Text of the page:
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IEEE-USA Publishes First E-Book in New Creativity Series

By Paul Lief Rosengren

Prolific writer and educator about all things engineering (and beyond!), Harry T. Roman is out with another e-book series. This first book, Creativity: Our Valuable Lifelong Skill, Volume 1: The Basics, is the first of a three-book series on creativity.

Roman developed an appreciation for creativity early in his career. Reflecting on his long career, he writes, “For me, creativity and imagination, and my career in engineering, became absolutely linked.” The author credits creativity for much of his success in engineering, in R&D, and as an educator.

Roman believes that parents can encourage creativity by allowing children to play a role in solving problems at home. He suggests letting them be part of redecorating rooms, planning home renovations, and choosing and organizing summer vacations letting children know their parents value their input, and that it is okay to “think outside the box.”

We all have met the child who always asks, “Why?” And while this can be tiring after a long day of work, or frustrating when trying to get the house in order, Roman believes the starting point for fostering curiosity is to encourage just such questioning: “Asking questions is the raw fuel for creative thought and actions.”

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Roman notes that in the business world, many of the new corporate leaders, such as Google, are looking beyond grades and academic achievement. These employers and are increasingly interested in a recent graduate’s ability to “solve problems, work in teams, and be a leader,” all requiring creativity. He adds that employers of the future will look for someone who doesn’t just accumulate knowledge but “who can put their knowledge to work.”

Roman outlines the four “Cs” necessary to prepare the next generation to be creative, and to generate the ideas necessary for the unprecedented global changes to come:

  • Creativity
  • Curiosity
  • Collaboration
  • Communication

Educators, he argues, need to work to support, and not inhibit, creativity making sure they make room for failure, encourage brainstorming, and celebrate out-of-the box thinking.

He goes further, suggesting that schools need to begin to treat creativity with the same importance that they treat the teaching of reading, writing and arithmetic. The author is not suggesting adding new courses in creativity; he means that educators need to integrate creativity into lesson plans across the curriculum in a way that “values and celebrates its daily application.”

As with many of his IEEE-USA e-books and audiobooks, Roman provides an array of activities that a teacher (or parent) might use to stimulate creativity. Just a few of these include having a student (or team of students):

  • Design a weather station for the school
  • Host an invention contest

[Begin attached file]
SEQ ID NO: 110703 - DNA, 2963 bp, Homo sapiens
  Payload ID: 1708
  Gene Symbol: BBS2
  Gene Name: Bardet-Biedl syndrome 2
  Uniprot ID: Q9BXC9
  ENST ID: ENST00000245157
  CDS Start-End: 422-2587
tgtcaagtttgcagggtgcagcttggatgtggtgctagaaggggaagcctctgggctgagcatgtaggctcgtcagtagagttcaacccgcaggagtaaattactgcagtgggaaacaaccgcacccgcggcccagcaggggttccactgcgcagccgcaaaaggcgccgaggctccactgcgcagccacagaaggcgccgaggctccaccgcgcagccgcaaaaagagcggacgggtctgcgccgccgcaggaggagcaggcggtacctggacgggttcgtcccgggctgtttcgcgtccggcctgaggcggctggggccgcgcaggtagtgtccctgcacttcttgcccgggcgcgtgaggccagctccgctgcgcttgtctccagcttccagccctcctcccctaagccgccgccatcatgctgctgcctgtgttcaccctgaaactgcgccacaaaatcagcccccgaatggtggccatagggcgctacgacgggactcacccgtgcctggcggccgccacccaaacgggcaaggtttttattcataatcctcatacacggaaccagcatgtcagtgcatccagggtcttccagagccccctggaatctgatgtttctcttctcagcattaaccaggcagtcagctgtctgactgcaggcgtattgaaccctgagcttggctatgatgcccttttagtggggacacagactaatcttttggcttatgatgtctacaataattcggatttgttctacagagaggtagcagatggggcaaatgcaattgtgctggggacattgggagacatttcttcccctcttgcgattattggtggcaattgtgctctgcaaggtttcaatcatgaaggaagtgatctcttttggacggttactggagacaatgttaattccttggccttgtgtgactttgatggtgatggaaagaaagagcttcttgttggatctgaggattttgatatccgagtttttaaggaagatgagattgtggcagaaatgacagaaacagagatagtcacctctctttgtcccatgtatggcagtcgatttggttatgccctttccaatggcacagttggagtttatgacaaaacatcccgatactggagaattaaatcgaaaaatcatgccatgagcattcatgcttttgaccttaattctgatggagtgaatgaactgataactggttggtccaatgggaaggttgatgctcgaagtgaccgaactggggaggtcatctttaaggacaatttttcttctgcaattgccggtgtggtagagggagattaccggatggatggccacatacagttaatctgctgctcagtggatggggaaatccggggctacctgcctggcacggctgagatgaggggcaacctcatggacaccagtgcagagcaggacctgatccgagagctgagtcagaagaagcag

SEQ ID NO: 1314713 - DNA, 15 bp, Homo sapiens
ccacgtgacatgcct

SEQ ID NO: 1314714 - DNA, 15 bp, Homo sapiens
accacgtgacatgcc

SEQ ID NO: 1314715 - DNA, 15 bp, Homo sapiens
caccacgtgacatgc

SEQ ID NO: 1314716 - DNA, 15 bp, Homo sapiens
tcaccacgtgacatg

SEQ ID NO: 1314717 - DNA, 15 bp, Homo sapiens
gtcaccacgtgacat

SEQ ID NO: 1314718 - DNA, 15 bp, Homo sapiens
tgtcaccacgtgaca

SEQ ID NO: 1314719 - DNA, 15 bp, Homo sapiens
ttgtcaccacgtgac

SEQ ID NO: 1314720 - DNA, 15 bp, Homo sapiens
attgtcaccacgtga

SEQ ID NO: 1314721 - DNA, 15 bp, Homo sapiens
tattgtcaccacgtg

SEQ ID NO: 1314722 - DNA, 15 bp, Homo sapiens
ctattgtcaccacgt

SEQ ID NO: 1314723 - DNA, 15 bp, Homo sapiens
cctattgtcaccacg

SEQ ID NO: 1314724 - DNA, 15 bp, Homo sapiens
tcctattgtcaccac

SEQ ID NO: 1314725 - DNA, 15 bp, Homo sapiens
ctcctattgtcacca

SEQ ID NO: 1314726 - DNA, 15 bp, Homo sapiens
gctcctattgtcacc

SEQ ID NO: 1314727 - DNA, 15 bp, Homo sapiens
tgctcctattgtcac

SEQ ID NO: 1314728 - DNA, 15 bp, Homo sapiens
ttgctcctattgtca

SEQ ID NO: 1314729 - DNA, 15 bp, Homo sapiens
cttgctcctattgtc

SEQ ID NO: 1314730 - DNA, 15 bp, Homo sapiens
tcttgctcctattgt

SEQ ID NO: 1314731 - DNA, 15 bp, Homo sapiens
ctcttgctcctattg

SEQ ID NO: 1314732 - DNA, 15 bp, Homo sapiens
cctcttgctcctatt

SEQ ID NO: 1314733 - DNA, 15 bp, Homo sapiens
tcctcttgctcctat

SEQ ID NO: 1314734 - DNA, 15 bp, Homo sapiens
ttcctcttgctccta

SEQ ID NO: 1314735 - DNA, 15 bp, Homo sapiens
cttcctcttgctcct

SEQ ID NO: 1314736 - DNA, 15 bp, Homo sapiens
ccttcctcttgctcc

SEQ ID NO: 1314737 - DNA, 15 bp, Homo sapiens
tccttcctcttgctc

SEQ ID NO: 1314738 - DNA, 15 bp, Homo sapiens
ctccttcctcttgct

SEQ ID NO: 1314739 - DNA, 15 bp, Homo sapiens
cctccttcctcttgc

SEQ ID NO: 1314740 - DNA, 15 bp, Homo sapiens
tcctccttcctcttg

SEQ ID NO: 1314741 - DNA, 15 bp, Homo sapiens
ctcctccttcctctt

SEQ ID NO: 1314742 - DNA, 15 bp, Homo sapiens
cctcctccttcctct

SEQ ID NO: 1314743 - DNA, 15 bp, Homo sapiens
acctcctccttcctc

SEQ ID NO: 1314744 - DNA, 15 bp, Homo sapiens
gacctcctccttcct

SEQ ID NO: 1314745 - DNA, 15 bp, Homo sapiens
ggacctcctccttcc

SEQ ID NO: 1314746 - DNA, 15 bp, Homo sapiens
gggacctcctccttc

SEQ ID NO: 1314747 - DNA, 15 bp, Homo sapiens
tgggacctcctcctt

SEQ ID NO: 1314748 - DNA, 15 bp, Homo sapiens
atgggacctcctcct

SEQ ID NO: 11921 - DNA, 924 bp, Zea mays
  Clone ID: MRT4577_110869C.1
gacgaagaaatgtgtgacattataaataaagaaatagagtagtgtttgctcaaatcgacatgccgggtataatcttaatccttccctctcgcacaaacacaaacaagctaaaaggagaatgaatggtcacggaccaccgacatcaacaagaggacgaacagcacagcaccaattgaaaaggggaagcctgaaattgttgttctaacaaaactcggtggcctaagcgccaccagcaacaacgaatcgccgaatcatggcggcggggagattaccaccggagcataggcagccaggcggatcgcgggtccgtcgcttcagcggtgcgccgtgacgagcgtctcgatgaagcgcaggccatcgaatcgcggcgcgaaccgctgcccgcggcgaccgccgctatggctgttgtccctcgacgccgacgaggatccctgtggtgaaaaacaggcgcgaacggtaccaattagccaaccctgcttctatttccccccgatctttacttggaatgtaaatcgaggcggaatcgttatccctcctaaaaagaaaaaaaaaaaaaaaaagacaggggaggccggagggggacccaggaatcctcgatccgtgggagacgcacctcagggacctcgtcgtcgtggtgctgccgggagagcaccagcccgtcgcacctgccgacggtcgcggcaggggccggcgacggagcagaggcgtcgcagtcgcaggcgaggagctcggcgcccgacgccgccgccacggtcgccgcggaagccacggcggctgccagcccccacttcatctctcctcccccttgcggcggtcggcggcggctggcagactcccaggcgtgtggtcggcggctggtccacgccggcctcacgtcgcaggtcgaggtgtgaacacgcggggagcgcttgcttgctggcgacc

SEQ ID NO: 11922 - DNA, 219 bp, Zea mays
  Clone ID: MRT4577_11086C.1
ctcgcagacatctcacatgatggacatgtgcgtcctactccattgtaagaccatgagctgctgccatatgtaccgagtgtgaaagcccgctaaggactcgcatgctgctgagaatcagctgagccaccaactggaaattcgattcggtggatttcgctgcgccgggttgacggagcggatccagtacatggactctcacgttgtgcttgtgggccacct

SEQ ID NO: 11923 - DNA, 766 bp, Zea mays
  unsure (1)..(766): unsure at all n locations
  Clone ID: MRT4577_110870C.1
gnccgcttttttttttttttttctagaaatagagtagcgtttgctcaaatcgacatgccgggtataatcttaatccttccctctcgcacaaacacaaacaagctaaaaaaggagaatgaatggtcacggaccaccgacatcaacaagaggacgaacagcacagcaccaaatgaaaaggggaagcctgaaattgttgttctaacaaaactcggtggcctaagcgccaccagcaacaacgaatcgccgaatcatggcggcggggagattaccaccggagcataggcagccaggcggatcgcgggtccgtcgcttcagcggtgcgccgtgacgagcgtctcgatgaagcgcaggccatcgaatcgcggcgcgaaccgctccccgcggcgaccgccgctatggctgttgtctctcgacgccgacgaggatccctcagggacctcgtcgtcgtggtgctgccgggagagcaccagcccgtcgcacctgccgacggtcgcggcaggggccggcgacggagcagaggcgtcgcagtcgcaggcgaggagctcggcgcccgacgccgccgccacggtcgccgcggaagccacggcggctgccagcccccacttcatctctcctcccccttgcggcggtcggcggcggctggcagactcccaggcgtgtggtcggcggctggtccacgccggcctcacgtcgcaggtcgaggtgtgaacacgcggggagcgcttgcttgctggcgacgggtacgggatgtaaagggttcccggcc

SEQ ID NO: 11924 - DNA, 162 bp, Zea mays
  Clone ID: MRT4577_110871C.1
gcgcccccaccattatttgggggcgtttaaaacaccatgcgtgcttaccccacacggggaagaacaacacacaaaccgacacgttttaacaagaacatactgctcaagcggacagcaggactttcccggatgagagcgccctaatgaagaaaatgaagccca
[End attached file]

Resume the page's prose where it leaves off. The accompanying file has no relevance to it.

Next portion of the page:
• Design a solar installation or greenhouse for the school, including a determination of optimum location as well as a cost analysis
  • Redesign the classroom

Roman encourages teachers (or parents) to urge young people to keep a notebook of thoughts and ideas “a chronologically-kept compendium identifying why and how their creative activities are focused; and reviewing progress and set-backs, new directions being taken, and the results of activities.” He believes that the earlier students develop “a discipline of keeping detailed notebooks, the more proficient they will become in directing their creativity toward solving key problems.”

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Creativity: Our Valuable Lifelong Skill, Volume 1: The Basics is available to IEEE members for free at IEEE-USA’s online shop and is available for non-members for $2.99.

Future books in the series will cover Spurring Creativity in the Classroom, and Creativity Challenges — to sharpen students’ understanding and application of creativity.

Harry T. Roman holds 12 U.S. patents, has received numerous engineering, invention and teaching awards, and has published more than 550 scientific papers, articles, monographs, and books. He was named a Distinguished Technology Educator by New Jersey Technology Education and Engineering Association. IEEE has honored Roman with a Meritorious Achievement Award, for developing continuing education products for IEEE members – as well as with an Outstanding Engineer award. Throughout his engineering career, Roman has worked with schools, bringing the excitement of real-world problem-solving into the classroom. The author continues to sharpen his creativity through writing and publishing poetry and short stories.

Paul Lief Rosengren

Paul is the coauthor of In the Time of Covid: One Hospital's Struggles and Triumphs. He worked for more than three decades in corporate communications at NBC, PSE&G, BD and in state government. He has a Master’s in Public Policy from The Kennedy School of Government, Harvard; and an undergraduate degree in political science from Dickinson College.

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